In Australia, it is possible to observe one of the world’s rarest meteorological phenomena: astonishing snake-shaped clouds, bearing the name of “morning glory”. Scientists still struggle to explain the mechanisms behind their formation.
Ornithorynques, gigantic rock formations… It is well known: Australia is home to many amazing sights. Here is a new one: the “morning glories”, surprising clouds with a serpentine appearance. They are among the rarest meteorological phenomena in the world and, to this day, scientists are still unaware of the precise mechanisms of their occurrence.
These unusual formations can extend for more than 500 miles in the sky, and are observable between September and October (during the Australian spring) in northern Australia, in the Gulf of Carpentaria. “What is the origin of these long and strange clouds?” writes NASA on its APOD website. “Nobody is sure.”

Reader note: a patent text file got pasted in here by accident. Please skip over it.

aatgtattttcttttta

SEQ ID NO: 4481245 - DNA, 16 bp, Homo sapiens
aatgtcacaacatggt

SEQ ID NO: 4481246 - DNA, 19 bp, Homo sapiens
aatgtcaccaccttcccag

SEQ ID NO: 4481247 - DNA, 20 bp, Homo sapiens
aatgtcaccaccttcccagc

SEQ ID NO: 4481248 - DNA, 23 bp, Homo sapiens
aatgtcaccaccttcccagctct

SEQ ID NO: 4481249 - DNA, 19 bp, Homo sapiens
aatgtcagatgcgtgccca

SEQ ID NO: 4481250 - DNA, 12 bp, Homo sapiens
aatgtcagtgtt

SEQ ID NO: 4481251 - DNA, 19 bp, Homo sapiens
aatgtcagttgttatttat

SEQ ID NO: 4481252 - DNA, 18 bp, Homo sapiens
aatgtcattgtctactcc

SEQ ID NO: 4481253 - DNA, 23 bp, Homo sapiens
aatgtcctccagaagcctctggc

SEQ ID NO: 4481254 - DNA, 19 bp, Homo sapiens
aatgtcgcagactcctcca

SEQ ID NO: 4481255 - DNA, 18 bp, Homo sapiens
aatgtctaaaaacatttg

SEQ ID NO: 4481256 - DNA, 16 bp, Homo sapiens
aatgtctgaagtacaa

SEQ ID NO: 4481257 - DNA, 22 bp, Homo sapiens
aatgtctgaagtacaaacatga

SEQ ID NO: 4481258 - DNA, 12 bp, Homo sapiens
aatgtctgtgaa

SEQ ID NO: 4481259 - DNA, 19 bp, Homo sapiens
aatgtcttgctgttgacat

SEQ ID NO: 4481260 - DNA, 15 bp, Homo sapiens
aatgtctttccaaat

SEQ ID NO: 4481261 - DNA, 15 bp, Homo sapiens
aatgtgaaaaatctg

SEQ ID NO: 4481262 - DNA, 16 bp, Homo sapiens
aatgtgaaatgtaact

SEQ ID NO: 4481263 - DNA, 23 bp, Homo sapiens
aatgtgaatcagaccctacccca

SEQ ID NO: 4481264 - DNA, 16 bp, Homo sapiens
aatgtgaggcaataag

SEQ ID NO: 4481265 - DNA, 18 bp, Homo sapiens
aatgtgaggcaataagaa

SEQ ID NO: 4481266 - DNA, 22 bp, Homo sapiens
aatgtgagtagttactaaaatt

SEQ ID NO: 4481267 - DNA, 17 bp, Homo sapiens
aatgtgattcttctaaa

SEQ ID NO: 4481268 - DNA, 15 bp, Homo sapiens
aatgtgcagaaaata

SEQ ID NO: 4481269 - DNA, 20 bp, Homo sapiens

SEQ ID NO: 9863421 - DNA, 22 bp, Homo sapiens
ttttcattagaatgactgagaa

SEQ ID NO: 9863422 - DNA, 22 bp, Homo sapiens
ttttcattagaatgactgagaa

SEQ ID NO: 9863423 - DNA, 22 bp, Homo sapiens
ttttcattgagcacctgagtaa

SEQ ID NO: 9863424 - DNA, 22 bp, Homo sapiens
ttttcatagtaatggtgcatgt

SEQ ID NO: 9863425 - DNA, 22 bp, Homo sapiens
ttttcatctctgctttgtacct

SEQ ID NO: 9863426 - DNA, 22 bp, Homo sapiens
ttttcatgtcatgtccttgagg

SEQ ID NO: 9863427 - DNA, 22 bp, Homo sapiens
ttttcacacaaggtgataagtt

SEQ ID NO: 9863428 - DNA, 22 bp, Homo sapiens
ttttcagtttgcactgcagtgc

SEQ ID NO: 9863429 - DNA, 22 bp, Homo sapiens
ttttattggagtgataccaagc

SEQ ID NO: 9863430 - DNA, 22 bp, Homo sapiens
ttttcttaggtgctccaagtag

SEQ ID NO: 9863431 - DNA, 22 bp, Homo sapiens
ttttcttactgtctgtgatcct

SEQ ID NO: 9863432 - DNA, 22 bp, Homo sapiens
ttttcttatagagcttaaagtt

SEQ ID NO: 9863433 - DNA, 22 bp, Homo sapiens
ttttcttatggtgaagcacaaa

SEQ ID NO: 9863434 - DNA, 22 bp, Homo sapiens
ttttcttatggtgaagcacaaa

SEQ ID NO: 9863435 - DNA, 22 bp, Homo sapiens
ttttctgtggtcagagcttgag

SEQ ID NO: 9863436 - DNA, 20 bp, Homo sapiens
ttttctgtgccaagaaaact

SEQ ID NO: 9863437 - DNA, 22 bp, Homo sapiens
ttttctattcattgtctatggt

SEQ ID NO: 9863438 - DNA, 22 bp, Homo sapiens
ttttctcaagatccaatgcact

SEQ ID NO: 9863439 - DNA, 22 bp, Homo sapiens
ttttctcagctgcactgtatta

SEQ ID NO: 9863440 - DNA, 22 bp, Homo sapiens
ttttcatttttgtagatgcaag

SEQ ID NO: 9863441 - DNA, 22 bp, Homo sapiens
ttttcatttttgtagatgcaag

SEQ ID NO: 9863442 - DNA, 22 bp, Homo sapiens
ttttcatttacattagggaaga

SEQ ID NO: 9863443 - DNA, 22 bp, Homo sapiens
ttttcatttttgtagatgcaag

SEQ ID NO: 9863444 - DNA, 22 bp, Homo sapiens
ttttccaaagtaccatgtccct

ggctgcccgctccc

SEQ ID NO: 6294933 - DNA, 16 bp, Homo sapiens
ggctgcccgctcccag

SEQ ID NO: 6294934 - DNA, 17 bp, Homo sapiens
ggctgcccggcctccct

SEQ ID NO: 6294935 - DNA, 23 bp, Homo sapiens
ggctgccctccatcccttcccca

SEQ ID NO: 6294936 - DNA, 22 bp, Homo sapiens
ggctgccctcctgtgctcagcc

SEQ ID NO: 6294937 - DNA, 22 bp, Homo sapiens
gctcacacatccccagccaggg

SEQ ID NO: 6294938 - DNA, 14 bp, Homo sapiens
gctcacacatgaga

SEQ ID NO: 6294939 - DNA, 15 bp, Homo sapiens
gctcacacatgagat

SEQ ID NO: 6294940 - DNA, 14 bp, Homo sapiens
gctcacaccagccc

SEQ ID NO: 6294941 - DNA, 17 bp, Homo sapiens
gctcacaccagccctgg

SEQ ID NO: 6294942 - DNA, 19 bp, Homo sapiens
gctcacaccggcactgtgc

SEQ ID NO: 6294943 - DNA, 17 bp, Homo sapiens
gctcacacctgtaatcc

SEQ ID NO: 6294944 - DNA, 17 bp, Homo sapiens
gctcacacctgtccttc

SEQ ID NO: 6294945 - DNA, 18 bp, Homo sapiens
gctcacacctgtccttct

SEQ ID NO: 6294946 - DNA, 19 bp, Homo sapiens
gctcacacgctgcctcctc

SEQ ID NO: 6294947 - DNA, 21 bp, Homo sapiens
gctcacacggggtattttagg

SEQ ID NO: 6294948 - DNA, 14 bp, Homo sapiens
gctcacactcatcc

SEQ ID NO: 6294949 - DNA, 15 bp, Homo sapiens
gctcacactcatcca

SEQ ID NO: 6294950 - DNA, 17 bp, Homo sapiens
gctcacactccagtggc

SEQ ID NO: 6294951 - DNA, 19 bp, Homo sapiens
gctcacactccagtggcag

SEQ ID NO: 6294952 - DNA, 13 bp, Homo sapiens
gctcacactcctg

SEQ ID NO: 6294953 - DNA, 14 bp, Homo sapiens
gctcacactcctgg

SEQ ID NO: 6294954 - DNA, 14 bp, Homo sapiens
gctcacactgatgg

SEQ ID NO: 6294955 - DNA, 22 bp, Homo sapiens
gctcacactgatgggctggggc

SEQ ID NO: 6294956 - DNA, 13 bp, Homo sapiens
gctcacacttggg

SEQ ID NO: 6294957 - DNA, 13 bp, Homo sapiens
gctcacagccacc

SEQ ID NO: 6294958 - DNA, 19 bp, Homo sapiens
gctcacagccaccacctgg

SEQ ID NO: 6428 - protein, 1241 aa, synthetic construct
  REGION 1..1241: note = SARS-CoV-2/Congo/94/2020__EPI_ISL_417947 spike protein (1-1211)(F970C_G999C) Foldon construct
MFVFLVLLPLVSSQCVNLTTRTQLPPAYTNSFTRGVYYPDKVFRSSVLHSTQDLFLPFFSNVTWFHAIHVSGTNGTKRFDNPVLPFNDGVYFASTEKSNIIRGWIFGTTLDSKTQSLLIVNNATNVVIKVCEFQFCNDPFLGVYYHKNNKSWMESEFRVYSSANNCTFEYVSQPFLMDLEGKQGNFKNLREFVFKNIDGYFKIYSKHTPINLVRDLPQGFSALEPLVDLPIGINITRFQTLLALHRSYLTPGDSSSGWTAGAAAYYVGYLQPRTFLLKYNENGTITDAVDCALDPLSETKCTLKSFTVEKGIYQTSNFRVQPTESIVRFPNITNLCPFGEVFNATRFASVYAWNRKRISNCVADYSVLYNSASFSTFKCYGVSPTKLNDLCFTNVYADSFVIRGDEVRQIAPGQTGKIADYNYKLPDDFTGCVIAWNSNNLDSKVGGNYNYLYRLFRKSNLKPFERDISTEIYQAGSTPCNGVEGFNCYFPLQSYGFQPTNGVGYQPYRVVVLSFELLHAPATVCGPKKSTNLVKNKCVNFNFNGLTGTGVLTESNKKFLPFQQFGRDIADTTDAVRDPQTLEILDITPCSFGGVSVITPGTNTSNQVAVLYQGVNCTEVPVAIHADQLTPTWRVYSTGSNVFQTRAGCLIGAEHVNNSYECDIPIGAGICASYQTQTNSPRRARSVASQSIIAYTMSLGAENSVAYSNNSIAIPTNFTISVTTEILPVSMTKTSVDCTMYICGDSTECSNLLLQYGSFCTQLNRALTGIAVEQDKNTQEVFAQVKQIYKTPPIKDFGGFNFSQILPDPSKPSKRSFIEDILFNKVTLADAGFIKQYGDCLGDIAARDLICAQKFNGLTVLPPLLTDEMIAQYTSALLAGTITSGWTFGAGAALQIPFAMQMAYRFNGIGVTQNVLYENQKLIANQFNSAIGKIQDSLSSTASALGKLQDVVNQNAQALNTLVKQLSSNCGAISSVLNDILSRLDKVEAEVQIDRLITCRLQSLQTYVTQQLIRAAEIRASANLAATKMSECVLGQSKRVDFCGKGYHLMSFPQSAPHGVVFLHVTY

Our knowledge about these clouds boils down to the conditions preceding their appearance. Their peculiar appearance could come from a sudden drop in temperature, a peak pressure and powerful sea winds. In these circumstances, the air at the front of the cloud rises rapidly while the one at the rear goes down, causing the cloud to “roll” to adopt a cylindrical shape.
“Long and horizontal air tubes circulate when a cold, moist airflow encounters an inversion layer, an atmospheric zone where the air temperature increases atypically with altitude,” writes NASA. . “These tubes and the air around them can cause dangerous turbulence for aircraft when they are well defined.”
The morning glories can indeed move at a speed of 10 to 20 meters per second, or about 60 kilometers per hour. All the while, new clouds are continually formed at the front of the structure while those at the back are dissipated. If the specific criteria leading to their formation remain a mystery, these clouds remain an inescapable spectacle and make the happiness of hang gliders who sail on their curves.